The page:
This weekend marked the 48th anniversary of the March on Washington and Martin Luther King's "I Have a Dream" speech.
On July 31, 1966, Dr. King spoke before a crowd of nearly 5,000 at Reynolds Coliseum on the campus of NC State University. Events of that day show the conflicts that still prevailed in North Carolina on the road to civil rights.
King was greeted warmly by his audience after an official welcome by City Councilman John Winters and an introduction by Dr. James A. Cheek, president of Shaw University. His address was interrupted 33 times by applause.
There was no heckling during the 50-minute speech, nor any sign of anti-civil rights activity in or near the Coliseum. A Ku Klux Klan rally in downtown Raleigh was breaking up when the program in the Coliseum started belatedly with hymns by a 100-voice choir.
King said that North Carolina "has been reasonable at many points in the transition (but) it always amazes me that a state which is one of the most liberal in the South can have the largest Ku Klux Klan marches and rallies." --- The News & Observer 8/1/1966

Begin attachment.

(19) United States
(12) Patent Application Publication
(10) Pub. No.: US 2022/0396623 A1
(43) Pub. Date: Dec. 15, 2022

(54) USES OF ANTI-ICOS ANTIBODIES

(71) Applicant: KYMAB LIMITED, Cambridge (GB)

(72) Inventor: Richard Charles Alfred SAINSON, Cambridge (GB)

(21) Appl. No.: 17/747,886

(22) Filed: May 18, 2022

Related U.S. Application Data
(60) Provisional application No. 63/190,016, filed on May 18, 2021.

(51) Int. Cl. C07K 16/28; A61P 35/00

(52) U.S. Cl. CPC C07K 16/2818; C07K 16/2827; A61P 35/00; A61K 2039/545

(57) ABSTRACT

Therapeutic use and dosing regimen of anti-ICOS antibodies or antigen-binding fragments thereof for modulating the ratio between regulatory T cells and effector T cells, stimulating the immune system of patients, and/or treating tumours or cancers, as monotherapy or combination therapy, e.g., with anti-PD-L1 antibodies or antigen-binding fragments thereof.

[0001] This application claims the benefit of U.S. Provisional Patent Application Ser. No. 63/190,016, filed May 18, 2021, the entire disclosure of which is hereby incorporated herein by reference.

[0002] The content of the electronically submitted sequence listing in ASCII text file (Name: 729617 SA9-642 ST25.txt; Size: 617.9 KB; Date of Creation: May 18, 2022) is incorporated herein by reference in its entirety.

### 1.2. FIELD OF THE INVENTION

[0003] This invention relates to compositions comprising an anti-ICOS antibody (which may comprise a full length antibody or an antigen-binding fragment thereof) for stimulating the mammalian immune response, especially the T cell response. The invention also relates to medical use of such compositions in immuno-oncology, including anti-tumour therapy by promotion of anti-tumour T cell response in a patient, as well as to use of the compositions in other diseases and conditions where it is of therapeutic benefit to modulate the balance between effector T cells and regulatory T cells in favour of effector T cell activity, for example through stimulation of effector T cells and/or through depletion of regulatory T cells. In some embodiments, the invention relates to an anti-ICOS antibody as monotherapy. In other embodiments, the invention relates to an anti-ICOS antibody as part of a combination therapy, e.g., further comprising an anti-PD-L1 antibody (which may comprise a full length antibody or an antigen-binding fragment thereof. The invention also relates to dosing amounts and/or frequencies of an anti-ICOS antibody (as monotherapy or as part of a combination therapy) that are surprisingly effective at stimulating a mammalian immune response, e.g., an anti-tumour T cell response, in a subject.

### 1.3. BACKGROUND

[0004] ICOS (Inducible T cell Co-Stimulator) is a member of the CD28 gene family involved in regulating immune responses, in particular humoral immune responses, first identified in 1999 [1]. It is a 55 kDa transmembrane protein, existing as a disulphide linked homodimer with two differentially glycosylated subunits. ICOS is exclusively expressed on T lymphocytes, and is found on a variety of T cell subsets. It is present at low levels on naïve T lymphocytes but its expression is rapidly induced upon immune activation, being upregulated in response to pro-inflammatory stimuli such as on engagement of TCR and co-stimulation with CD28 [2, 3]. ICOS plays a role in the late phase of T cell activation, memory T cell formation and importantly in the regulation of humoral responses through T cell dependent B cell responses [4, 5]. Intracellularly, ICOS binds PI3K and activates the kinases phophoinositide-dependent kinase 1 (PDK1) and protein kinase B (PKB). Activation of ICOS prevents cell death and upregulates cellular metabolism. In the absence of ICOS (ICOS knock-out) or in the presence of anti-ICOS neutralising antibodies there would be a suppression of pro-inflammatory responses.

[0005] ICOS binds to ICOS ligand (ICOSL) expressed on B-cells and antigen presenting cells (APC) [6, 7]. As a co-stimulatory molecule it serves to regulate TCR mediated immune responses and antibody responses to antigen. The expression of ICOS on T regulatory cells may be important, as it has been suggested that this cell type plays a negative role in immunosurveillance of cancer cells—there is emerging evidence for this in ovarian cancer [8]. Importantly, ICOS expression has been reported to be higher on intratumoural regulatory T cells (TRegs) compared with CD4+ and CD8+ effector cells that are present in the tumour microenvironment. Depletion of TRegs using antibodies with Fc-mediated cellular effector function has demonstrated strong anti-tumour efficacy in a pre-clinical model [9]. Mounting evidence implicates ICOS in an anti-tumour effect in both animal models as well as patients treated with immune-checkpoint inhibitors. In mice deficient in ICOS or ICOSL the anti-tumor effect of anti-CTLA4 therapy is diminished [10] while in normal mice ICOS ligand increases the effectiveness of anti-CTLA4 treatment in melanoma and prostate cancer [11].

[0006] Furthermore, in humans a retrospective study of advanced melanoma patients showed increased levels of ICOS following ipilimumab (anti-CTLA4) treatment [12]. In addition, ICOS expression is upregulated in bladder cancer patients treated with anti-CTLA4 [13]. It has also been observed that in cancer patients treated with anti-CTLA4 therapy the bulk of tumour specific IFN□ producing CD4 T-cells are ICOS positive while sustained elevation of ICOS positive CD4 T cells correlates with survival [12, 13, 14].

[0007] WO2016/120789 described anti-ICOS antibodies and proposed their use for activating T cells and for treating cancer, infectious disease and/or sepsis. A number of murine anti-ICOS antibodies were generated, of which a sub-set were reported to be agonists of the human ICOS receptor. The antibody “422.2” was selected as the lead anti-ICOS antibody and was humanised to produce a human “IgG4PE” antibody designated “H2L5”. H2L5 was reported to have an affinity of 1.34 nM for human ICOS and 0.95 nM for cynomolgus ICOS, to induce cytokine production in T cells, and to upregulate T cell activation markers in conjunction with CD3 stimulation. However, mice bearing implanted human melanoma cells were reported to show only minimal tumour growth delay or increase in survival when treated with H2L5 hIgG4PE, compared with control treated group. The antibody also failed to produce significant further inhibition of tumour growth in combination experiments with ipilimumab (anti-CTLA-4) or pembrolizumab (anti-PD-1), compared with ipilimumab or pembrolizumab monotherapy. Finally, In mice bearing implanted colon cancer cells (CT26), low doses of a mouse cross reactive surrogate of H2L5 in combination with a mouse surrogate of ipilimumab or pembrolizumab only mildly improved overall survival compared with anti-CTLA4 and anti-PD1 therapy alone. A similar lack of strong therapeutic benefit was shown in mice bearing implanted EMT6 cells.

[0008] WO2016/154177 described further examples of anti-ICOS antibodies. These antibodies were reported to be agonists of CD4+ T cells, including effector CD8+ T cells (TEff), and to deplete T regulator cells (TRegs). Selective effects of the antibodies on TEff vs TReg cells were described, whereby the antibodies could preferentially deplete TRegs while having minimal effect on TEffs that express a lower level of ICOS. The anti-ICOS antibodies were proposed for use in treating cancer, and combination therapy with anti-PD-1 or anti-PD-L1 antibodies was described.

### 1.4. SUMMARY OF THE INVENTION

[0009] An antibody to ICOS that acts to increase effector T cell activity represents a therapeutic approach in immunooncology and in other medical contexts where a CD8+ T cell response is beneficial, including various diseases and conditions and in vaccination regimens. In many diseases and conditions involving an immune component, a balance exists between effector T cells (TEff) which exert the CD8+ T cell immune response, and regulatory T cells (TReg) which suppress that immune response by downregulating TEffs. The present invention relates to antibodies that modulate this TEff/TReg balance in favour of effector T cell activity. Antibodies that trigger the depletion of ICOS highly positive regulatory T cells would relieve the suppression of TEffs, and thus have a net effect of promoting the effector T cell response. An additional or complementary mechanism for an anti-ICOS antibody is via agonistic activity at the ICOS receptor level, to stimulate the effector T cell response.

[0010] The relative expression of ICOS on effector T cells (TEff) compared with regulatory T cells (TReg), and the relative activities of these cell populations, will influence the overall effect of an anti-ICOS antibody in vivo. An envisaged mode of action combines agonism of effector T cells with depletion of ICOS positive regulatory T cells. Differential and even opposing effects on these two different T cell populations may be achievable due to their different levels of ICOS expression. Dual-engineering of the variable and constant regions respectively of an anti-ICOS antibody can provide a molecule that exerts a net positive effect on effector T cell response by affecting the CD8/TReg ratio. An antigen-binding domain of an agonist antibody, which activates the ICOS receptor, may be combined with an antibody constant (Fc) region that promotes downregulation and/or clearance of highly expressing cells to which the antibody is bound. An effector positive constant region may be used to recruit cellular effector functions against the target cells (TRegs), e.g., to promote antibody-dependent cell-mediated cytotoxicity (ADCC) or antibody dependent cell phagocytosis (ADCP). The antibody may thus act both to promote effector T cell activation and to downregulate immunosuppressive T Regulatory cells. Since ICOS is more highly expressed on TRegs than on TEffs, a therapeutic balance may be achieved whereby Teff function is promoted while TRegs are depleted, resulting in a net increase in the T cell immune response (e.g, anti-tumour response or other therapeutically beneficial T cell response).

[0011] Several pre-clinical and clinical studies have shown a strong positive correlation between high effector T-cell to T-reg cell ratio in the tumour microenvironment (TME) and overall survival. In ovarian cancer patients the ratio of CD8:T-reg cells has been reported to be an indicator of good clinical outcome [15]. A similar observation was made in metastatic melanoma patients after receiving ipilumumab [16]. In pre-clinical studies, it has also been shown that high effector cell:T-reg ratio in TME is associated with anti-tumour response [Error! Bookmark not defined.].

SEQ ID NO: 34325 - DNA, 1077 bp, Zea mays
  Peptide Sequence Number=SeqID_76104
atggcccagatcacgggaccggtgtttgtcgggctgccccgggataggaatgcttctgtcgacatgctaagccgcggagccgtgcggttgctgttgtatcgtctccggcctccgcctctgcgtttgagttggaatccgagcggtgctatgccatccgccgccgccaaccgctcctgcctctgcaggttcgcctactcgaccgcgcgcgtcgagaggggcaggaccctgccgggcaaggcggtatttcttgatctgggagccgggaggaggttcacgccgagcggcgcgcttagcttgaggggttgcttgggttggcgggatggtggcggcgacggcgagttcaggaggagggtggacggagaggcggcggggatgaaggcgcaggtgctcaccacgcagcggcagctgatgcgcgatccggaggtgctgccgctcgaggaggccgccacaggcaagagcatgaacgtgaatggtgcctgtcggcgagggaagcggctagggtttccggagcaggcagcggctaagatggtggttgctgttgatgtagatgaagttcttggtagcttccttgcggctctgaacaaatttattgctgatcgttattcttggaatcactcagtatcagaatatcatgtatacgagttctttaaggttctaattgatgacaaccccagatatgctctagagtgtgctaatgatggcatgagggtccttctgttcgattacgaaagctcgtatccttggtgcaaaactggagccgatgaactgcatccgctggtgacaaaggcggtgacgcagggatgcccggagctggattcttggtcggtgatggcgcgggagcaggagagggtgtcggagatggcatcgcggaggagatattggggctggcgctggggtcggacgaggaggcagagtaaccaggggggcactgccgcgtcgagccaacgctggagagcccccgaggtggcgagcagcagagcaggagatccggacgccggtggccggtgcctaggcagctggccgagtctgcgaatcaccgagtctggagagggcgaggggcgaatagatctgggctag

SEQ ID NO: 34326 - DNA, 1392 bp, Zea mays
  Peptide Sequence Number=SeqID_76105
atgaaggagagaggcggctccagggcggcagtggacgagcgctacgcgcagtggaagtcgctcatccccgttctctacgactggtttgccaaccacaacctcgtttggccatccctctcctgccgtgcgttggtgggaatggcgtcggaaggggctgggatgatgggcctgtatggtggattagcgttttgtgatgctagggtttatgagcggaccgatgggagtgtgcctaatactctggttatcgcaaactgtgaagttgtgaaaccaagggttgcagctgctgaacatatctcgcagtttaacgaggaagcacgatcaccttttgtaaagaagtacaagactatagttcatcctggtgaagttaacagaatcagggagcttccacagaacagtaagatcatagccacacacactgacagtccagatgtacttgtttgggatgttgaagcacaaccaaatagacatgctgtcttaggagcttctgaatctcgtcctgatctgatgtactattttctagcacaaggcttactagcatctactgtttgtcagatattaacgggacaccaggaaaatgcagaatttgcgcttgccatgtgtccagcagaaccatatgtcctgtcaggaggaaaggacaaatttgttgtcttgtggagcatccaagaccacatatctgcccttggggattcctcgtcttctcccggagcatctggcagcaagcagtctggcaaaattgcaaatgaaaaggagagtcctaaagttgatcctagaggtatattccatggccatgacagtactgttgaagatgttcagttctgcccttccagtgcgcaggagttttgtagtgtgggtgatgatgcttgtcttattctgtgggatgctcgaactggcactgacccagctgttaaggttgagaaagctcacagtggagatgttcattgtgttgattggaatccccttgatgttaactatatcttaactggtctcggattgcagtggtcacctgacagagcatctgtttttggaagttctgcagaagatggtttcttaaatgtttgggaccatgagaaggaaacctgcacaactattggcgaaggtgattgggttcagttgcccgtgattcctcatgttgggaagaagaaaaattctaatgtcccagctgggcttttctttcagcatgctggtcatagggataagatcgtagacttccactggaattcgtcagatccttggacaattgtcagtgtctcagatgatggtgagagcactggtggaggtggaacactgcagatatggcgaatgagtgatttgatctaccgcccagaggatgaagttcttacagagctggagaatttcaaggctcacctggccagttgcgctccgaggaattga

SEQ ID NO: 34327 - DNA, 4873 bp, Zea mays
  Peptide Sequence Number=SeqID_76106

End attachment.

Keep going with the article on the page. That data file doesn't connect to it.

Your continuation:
The Klan rally, intending to upstage the civil rights leader, took place in Nash Square earlier that day.
The Klan's day began when about 1,500 gathered at Memorial Auditorium to don their white robes about 2 p.m., two hours before Dr. King was scheduled to speak.
With a number of women and children in the line, the Klan marched up Salisbury Street, turned west on Hargett Streed and entered Nash Square across from the Municiapal Building.
After the speeches in the square, the Klan marched up McDowell Street to Hillsboro Street and then east to the State Capitol and down Fayetteville Street to Memorial Auditorium. -- The News & Observer 8/1/1966